Utah is a land of squares—and that’s not a slide on the predominantly conservative culture. The truth is that there’s a thriving community of avid square dancers, and they want you to grab a partner, and do-si-do the night away at one of the many community get-togethers held throughout the state.
If you weren't introduced to the age-old folk dance like I was in elementary school, you might ask yourself, "What the heck is square dancing?"
From the 20th century onward, square dancing has become widely associated with the American West and the way of the cowboy, but it dates back to 17th century England. In America, it really gained traction in Appalachia and thereabouts, but steadily moved westward to Utah.
The basic setup is there are four pairs of dancers all positioned around a, you guessed it, square. Its steps and figures are a conglomeration of many folk dances found throughout Europe. You might recognize "calls" (aka specific dance moves) like do-si-do, box the gnat, or clover leaf. No? Well, they're all pretty simple and most are only slight variations from a small sub-set of moves. As a dance for the masses, little fancy footwork is required.
Locally, Square Dancing of Utah is the organizing body of such hootenannies, with more than 30 local clubs on record. For example, the Wasatch Mountain Squares (pictured here) meets weekly at the Community Center in Midway. Around the state, there are dances most nights, when folk don their finest regalia or come casually to swing and twirl. Grab a partner or come down by yourself, because all are welcome to be a square.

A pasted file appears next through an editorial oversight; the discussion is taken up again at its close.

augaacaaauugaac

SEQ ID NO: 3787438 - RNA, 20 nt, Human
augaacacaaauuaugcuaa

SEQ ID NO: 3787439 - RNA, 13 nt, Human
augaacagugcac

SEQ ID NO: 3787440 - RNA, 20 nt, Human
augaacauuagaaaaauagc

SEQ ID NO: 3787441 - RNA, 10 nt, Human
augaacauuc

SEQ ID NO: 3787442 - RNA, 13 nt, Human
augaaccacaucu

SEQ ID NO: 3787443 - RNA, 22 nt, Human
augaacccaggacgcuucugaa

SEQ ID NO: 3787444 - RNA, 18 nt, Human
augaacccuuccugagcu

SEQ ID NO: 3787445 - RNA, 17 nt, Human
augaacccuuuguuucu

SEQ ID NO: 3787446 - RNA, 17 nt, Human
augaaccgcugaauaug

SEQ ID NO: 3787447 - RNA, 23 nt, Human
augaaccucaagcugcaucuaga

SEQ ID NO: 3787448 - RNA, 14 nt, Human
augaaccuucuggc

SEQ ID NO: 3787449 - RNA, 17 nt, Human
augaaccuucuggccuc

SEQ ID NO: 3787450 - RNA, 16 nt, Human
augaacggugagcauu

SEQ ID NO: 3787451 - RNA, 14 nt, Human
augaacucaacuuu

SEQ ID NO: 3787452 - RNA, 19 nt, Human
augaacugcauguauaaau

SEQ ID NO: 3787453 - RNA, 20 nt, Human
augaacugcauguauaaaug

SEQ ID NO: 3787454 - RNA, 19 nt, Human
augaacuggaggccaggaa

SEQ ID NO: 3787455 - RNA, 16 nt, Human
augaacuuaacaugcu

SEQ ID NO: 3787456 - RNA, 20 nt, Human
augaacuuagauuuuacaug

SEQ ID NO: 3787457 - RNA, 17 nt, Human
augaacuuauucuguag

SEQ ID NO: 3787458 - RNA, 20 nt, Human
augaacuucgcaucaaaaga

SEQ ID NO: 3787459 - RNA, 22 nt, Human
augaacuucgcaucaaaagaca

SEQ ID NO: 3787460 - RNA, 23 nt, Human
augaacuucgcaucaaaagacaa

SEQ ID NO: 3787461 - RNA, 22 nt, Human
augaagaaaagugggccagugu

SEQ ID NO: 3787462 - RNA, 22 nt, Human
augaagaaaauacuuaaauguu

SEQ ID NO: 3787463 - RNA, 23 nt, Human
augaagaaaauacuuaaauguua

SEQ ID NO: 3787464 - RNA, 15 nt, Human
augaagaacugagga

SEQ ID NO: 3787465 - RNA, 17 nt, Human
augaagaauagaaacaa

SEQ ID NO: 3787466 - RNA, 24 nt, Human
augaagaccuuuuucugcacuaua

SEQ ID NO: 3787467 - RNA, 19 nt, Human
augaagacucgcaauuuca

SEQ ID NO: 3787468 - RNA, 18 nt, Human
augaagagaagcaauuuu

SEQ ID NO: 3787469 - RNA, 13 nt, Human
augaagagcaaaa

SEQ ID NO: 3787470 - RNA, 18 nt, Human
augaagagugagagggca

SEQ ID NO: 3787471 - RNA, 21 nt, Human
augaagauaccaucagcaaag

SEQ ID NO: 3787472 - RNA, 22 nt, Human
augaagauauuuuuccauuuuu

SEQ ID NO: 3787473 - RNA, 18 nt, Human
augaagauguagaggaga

The organization is hosting its biggest event of the year, the Utah State Square & Round Dancing Festival in Midway on May 13 & 14.
For more information about upcoming dances and how to participate, visit the Square Dancing of Utah website.
Photographer and award-winning journalist Austen Diamond specializes in creative portraiture, commercial photography and editorial photojournalism. For booking inquiries and to view his portfolio, go to www.AustenDiamond.com.